Compass plant Craning well above other plants with its bright yellow colors, compass plant is a stand-out pollinator that shouts “prairie” to knowledgeable enthusiasts, even from a distance. The leaves of the compass plant grow vertically north to south, which is how they provided direction to plant-savvy settlers in the 1800s. Limit the number of compass plants in your garden to just one or two- it will help narrow the chances of this large plant overwhelming other plants while still giving your garden the look and feel of a prairie. Full sun; moist to slightly dry and loamy, deep soil. Plant on flat ground to help avoid drooping. 12 feet Mid-summer for about six weeks
Coreopsis (prairie) The bright orange-yellow flowers of prairie coreopsis are some of the first to bloom. Full sun; mesic to dry-mesic; clay-loam or loamy soil, sandy loam or gravely soil 2 feet June through August
Culver’s root Culver’s root is a member of the snapdragon family. Its flowers grow in an arrangement that resembles a decorative candelabra. Mason bees bumble bees, honey bees and other long- and short-tongued bees are attracted to its nectar; also butterflies, moths and a variety of insects Full or part sun; moist or average; grows best in loamy and rich soil 5 feet June to September,
Cylindrical blazing star A member of the aster family, the purple colors of cylindrical blazing star flowers are as brilliant as its cousin the New England aster. The nectar is favored by butterflies, bees, as well as bee flies and skippers. The seeds and flowers attract the rare glorious flower moth caterpillars. Full sun and dry conditions with poor soil 1-2 feet July to September
Cylindrical blazing star A member of the aster family, the purple colors of cylindrical blazing star flowers are as brilliant as its cousin the New England aster. The nectar is favored by butterflies, bees, as well as bee flies and skippers. The seeds and flowers attract the rare glorious flower moth caterpillars. Full sun and dry conditions with poor soil 1-2 feet July to September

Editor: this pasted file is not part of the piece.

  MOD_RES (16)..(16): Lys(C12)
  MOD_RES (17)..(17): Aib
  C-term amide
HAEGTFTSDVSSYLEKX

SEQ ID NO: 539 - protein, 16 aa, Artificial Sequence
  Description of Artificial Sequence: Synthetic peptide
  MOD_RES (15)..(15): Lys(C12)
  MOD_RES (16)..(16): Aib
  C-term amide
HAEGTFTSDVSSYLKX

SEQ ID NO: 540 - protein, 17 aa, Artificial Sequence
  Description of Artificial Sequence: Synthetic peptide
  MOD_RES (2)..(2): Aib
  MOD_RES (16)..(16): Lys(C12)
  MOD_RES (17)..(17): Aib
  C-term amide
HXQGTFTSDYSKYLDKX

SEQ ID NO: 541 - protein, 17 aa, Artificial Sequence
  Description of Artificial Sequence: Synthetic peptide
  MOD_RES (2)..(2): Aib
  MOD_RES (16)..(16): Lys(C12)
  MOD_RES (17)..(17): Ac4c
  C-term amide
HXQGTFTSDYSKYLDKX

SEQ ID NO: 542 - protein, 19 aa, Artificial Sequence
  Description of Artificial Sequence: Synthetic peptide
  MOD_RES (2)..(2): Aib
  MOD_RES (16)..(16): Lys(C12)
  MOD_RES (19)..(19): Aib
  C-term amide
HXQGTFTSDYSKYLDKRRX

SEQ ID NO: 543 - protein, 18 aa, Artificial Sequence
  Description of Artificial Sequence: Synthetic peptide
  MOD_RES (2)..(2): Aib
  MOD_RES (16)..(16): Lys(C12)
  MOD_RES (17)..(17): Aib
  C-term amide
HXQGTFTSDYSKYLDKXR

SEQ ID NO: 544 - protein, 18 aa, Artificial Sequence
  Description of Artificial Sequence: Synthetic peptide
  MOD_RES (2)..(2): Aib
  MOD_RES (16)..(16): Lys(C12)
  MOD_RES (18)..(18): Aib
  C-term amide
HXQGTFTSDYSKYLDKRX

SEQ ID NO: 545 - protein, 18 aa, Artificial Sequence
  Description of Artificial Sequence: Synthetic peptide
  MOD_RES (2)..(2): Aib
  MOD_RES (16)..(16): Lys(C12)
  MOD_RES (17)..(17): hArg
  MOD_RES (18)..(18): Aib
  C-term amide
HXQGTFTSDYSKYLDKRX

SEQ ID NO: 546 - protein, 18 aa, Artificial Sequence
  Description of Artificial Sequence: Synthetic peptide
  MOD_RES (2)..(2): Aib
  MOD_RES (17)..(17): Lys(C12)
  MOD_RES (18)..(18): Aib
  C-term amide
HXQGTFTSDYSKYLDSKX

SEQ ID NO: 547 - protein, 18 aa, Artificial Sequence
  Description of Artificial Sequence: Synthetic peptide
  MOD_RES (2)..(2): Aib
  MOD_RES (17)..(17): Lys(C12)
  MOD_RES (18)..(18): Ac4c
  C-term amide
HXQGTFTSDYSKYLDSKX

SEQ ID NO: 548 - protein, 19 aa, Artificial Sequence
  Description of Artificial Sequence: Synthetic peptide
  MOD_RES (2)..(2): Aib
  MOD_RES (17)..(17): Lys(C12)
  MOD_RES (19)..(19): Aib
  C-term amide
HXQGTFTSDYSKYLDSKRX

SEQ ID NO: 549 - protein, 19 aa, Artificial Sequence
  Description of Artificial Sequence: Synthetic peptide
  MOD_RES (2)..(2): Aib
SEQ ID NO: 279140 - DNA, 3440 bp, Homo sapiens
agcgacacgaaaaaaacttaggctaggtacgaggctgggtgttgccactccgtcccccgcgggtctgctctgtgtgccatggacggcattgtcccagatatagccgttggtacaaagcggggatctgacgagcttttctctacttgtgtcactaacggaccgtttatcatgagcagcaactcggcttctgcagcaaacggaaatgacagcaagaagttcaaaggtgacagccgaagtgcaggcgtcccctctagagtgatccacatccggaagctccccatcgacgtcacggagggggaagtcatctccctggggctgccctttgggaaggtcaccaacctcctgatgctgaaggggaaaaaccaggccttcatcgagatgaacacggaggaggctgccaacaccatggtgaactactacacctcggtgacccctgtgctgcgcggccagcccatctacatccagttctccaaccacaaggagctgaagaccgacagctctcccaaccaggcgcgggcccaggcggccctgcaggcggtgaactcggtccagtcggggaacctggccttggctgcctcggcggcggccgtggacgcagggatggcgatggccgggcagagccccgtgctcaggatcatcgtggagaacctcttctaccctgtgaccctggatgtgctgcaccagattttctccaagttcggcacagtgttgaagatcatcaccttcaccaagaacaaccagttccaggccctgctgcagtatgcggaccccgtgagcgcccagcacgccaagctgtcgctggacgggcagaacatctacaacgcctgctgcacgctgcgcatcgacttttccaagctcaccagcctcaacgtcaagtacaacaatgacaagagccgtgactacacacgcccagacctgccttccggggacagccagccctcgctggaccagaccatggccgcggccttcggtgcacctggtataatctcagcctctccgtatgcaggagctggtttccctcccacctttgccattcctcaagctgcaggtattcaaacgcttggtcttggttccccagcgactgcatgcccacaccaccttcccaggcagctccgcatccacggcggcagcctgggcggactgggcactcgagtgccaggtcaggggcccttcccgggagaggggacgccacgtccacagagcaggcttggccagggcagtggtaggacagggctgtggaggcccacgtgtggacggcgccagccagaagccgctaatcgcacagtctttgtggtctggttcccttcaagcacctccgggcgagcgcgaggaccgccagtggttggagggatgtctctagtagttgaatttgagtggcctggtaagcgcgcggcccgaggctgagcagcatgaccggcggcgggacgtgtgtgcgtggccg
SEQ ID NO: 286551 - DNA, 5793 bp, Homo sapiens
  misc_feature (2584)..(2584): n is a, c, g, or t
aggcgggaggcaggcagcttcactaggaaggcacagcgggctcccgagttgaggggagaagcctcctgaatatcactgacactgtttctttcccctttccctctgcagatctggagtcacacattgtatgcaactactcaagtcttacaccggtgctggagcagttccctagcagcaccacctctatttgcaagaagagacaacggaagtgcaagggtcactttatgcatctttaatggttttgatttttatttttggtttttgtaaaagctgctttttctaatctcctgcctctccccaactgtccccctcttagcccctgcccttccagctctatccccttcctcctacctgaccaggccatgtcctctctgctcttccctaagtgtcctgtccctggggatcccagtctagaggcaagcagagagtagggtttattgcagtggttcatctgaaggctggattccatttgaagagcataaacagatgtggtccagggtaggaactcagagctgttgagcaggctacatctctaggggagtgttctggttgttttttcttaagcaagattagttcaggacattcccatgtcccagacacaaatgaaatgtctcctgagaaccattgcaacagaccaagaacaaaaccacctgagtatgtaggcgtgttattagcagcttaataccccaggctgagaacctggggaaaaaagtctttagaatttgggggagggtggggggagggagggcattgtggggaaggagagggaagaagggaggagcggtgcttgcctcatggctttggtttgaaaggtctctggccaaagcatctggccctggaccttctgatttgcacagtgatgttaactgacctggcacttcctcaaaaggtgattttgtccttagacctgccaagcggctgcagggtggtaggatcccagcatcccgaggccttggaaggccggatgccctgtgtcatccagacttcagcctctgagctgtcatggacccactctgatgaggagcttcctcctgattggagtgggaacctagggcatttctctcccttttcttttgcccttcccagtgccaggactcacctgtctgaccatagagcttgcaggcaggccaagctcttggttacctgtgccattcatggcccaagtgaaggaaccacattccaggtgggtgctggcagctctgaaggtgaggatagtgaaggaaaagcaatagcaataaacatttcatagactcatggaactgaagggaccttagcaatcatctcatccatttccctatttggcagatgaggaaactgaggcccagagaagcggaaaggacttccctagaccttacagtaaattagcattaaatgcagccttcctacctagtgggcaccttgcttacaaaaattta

Milkweed (prairie) Of all the rosy or purplish/pink or brown blooms, only a few flowers are pollinated, which is how those recognizable large pods filled with silky, plumy seeds take shape. You can also tell milkweed by its white sap. While the flowers draw in a wide array of pollinators, only a few insects can eat milkweed leaves – including the larvae of the very popular monarch butterfly. Also known as Sullivant’s milkweed. Full sun; mesic or moist; loamy, rich soil 2-3 feet Early- to mid-summer
Milkweed (swamp) One of the only milkweeds that grows well in wetland areas, swamp milkweed can attract a wide array of pollinators of all kinds to areas around ponds, marshes, streams & more. Full sun; medium to wet soils 2-6 feet Late summer for about one month
Milkweed (whorled) Whorled milkweed is identifiable by its leaves, which are noticeably narrower than the leaves of other milkweeds. Full sun; soil with good drainage ½-2 feet June to September
Mountain mint (common) Pretty, delicate, white blooms of mountain mint attracts a variety of pollinators. Full sun; tolerates shade 3 feet June into September
New England aster The hearty bright purple blooms of the New England aster have stark, vibrant centers. The nectar is a favorite of bees, including bumble, miner and leaf-cutter bees & also bee flies. Butterfly & moth caterpillars, as well as lace and plant bugs, love to eat the leaves and stems. Full or partial sun; rich, moist soil 4-6 feet late summer to fall for about two months
Old-field goldenrod A member of the aster family, the bright, cheerful blooms of old-field goldenrod add lively pops of yellow colors that attract a wide variety of bees, butterflies, beetles & more. Full sun and dry-mesic to dry soil 3 feet Mid- to late-summer for about 4-6 weeks
Pale purple coneflower Widely known as echinacea, this member of the sturdy aster family provides soft pops of light pinks & purples that attract pollinators. Full sun; average or dry soil; can droop with too much water 3½ feet May to August
Partridge pea (common) A variety of bees, insects, butterflies and other pollinators are attracted to the perky yellow blooms of partridge pea. Full sun; average or dry soil; can droop with too much water 3½ feet May to August
Purple prairie clover A purple wreath of flowers attracts an array of pollinators, including insects, bees, butterflies & even hummingbirds. Full shade; dry soil ¾-3 feet Early to mid-summer; for about 4-6 weeks